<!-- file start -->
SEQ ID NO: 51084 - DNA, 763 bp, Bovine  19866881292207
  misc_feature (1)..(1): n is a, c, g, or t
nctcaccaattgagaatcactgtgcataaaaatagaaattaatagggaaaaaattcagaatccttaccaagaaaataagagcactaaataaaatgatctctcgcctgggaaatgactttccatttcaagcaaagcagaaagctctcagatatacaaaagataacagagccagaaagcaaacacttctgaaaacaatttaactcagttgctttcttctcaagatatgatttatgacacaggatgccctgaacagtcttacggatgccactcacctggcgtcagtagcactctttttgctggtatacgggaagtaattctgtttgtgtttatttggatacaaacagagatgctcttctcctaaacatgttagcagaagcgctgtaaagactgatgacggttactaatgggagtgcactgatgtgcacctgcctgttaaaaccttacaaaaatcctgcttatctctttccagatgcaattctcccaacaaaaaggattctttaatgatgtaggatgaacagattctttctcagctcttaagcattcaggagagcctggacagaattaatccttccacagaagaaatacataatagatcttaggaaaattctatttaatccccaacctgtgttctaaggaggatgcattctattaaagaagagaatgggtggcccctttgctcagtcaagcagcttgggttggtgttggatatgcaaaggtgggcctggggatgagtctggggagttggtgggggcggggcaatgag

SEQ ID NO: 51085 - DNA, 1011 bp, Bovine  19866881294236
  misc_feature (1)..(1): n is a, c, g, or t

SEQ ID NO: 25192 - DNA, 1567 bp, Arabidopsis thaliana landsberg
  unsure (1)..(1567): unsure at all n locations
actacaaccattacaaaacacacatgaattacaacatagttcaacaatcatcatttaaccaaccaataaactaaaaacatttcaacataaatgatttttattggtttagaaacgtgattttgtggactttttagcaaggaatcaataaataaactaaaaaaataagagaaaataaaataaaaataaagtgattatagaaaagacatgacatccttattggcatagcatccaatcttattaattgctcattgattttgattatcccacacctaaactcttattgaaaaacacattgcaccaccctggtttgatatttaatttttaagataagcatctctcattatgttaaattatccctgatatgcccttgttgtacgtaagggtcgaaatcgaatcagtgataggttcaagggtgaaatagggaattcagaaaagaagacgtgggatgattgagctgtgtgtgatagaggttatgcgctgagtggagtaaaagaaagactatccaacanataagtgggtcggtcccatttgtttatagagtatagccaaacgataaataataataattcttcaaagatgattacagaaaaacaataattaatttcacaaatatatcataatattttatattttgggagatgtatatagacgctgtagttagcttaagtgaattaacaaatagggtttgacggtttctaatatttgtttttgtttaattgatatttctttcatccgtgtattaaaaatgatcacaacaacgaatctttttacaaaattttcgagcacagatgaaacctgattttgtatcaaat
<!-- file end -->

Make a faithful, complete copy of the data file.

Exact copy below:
SEQ ID NO: 51084 - DNA, 763 bp, Bovine  19866881292207
  misc_feature (1)..(1): n is a, c, g, or t
nctcaccaattgagaatcactgtgcataaaaatagaaattaatagggaaaaaattcagaatccttaccaagaaaataagagcactaaataaaatgatctctcgcctgggaaatgactttccatttcaagcaaagcagaaagctctcagatatacaaaagataacagagccagaaagcaaacacttctgaaaacaatttaactcagttgctttcttctcaagatatgatttatgacacaggatgccctgaacagtcttacggatgccactcacctggcgtcagtagcactctttttgctggtatacgggaagtaattctgtttgtgtttatttggatacaaacagagatgctcttctcctaaacatgttagcagaagcgctgtaaagactgatgacggttactaatgggagtgcactgatgtgcacctgcctgttaaaaccttacaaaaatcctgcttatctctttccagatgcaattctcccaacaaaaaggattctttaatgatgtaggatgaacagattctttctcagctcttaagcattcaggagagcctggacagaattaatccttccacagaagaaatacataatagatcttaggaaaattctatttaatccccaacctgtgttctaaggaggatgcattctattaaagaagagaatgggtggcccctttgctcagtcaagcagcttgggttggtgttggatatgcaaaggtgggcctggggatgagtctggggagttggtgggggcggggcaatgag

SEQ ID NO: 51085 - DNA, 1011 bp, Bovine  19866881294236
  misc_feature (1)..(1): n is a, c, g, or t

SEQ ID NO: 25192 - DNA, 1567 bp, Arabidopsis thaliana landsberg
  unsure (1)..(1567): unsure at all n locations
actacaaccattacaaaacacacatgaattacaacatagttcaacaatcatcatttaaccaaccaataaactaaaaacatttcaacataaatgatttttattggtttagaaacgtgattttgtggactttttagcaaggaatcaataaataaactaaaaaaataagagaaaataaaataaaaataaagtgattatagaaaagacatgacatccttattggcatagcatccaatcttattaattgctcattgattttgattatcccacacctaaactcttattgaaaaacacattgcaccaccctggtttgatatttaatttttaagataagcatctctcattatgttaaattatccctgatatgcccttgttgtacgtaagggtcgaaatcgaatcagtgataggttcaagggtgaaatagggaattcagaaaagaagacgtgggatgattgagctgtgtgtgatagaggttatgcgctgagtggagtaaaagaaagactatccaacanataagtgggtcggtcccatttgtttatagagtatagccaaacgataaataataataattcttcaaagatgattacagaaaaacaataattaatttcacaaatatatcataatattttatattttgggagatgtatatagacgctgtagttagcttaagtgaattaacaaatagggtttgacggtttctaatatttgtttttgtttaattgatatttctttcatccgtgtattaaaaatgatcacaacaacgaatctttttacaaaattttcgagcacagatgaaacctgattttgtatcaaat